Ebola as a Wake-Up Call


Containment — the conventional response — isn’t the only answer. Prevention could stop the spread of Ebola, says epidemiologist Jonathan Epstein ’96, an expert on zoonotic viruses, which spill over from animal populations to humans. Ebola is a zoonotic disease. So are SARS, Nipah and H1N1.

“Ebola has shown it’s not just a disease that causes outbreaks in remote parts of Africa and fizzles out,” says Epstein, associate vice president of conservation medicine at EcoHealth Alliance, a science-based health and conservation organization. “It has the potential to get out of control and spread internationally. By understanding exactly how the disease spills over from animals to humans, we can get ahead of the game and prevent future outbreaks.”

The first step toward Ebola prevention, Epstein says, is identifying the animals most likely to carry the virus. Bats, a traditional food source for some West Africans, are the suspected culprit in the current outbreak. But occasionally the Ebola virus spills over from the carcasses of other animals infected by bats. That’s what happened in Central Africa, where infected great apes and antelopes were consumed by humans.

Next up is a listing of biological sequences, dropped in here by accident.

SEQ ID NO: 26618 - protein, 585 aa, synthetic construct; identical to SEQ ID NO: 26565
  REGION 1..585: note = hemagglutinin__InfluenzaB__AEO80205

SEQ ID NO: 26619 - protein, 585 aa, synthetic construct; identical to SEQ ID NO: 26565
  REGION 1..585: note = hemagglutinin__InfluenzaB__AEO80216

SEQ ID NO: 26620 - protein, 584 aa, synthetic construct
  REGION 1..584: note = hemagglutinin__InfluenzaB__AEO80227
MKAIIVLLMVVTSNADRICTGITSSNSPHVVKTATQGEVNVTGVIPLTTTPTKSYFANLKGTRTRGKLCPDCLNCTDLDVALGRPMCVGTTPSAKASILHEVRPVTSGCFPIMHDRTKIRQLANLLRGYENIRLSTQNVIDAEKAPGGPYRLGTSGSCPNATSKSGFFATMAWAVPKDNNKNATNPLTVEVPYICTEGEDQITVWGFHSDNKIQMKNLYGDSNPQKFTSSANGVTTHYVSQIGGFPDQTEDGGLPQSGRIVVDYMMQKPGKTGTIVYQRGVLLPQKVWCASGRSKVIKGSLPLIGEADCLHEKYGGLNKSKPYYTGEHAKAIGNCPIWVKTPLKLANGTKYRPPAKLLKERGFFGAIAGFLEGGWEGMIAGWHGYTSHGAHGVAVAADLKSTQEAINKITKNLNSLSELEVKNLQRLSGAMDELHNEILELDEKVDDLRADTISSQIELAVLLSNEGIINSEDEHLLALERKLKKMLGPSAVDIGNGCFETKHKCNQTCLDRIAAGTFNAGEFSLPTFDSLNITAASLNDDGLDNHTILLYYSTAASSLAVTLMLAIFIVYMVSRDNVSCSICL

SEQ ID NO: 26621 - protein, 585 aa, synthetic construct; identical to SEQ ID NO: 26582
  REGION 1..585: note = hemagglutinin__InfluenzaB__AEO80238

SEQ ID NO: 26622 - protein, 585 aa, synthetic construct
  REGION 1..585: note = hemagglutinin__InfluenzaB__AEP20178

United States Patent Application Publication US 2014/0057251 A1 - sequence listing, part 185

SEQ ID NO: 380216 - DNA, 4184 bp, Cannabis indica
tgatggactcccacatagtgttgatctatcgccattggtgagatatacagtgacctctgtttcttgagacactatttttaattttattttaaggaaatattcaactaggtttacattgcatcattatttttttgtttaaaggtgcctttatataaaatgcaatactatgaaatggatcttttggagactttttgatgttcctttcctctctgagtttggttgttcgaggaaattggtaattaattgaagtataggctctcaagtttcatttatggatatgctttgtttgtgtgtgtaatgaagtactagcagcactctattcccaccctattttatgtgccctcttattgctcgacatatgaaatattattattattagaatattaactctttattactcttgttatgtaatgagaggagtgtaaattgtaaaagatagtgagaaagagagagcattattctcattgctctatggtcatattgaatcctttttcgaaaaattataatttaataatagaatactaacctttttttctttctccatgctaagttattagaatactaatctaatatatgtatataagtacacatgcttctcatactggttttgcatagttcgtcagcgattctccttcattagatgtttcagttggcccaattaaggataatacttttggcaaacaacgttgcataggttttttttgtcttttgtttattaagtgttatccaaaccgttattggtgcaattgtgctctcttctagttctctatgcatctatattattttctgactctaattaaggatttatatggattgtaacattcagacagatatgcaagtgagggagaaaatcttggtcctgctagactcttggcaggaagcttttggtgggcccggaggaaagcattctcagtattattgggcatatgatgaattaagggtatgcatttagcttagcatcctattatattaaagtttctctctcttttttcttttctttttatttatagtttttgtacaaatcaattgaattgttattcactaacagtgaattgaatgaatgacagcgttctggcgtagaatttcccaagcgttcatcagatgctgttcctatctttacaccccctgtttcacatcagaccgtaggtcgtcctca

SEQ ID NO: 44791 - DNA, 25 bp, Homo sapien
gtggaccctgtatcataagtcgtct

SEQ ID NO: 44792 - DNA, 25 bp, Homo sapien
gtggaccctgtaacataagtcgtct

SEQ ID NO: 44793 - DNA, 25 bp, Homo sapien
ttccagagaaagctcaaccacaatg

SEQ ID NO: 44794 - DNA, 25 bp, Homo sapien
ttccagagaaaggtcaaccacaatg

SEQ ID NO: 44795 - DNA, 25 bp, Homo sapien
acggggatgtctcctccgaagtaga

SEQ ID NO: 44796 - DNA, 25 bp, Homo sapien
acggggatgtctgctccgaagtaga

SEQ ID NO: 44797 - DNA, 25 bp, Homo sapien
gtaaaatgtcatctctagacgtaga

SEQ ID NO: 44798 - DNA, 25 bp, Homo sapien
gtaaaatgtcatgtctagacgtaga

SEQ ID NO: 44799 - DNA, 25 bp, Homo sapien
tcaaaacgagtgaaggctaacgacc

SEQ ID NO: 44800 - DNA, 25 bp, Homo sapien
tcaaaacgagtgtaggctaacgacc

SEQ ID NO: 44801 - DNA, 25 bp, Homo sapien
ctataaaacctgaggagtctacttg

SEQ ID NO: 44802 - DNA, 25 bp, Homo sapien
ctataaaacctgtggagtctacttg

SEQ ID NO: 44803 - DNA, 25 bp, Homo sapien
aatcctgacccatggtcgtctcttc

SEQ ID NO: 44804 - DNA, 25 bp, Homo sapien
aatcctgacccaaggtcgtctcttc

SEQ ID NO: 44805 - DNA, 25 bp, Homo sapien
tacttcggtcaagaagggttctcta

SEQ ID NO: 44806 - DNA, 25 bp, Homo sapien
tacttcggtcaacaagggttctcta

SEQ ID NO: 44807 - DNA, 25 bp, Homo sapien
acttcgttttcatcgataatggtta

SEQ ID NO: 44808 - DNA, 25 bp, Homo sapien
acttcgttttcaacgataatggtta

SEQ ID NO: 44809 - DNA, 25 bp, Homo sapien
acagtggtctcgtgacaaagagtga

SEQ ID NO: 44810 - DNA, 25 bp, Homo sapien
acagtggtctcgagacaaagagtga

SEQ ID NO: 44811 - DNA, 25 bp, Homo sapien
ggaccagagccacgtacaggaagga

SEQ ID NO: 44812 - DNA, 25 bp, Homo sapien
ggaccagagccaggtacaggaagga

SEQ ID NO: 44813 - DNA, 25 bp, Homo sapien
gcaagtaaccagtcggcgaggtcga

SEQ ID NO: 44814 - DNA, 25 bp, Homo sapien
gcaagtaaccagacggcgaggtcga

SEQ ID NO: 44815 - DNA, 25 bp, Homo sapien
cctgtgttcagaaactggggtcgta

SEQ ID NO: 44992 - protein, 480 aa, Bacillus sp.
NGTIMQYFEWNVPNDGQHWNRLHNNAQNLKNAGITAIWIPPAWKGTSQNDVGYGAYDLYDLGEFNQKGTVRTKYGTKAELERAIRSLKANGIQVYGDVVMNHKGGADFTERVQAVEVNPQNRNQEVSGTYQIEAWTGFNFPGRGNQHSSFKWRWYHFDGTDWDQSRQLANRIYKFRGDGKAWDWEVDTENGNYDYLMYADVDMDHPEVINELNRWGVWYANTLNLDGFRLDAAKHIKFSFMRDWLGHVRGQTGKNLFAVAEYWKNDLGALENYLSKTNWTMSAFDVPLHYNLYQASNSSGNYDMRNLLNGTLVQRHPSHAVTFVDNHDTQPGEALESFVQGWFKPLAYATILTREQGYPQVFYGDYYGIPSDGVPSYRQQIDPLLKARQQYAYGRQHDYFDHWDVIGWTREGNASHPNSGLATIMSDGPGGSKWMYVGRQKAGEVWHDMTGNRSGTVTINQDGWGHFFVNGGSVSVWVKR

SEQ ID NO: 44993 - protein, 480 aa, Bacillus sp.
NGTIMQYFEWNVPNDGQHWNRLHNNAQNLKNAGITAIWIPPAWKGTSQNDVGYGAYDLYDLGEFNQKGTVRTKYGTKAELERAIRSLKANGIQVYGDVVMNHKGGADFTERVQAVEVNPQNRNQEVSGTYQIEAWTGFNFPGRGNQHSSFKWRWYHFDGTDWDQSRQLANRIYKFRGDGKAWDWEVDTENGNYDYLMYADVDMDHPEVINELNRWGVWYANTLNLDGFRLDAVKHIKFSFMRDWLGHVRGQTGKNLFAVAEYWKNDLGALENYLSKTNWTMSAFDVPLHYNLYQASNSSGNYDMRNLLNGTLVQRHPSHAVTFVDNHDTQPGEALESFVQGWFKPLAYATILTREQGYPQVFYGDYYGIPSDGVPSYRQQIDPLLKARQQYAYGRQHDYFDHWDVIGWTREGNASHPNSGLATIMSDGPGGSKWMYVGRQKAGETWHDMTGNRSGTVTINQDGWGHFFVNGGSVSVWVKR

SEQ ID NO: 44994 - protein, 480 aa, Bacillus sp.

Education is the next step, says Epstein (who was profiled in “The Virus Hunter,” in the Spring 2013 issue). Misinformation, lack of information, fear and cultural practices contribute to Ebola’s spread. So do large societal shifts: the displacement of wildlife habitats by human communities, large-scale livestock farming, urbanization, climate change, global travel.

“If we can come up with realistic alternatives that work with the local populations, and change the way we encroach upon and interact with wildlife and ecosystems, we’ll be able to protect ourselves from the diseases we know about,” Epstein says. “Not to mention those we have yet to discover.”

— L.B.

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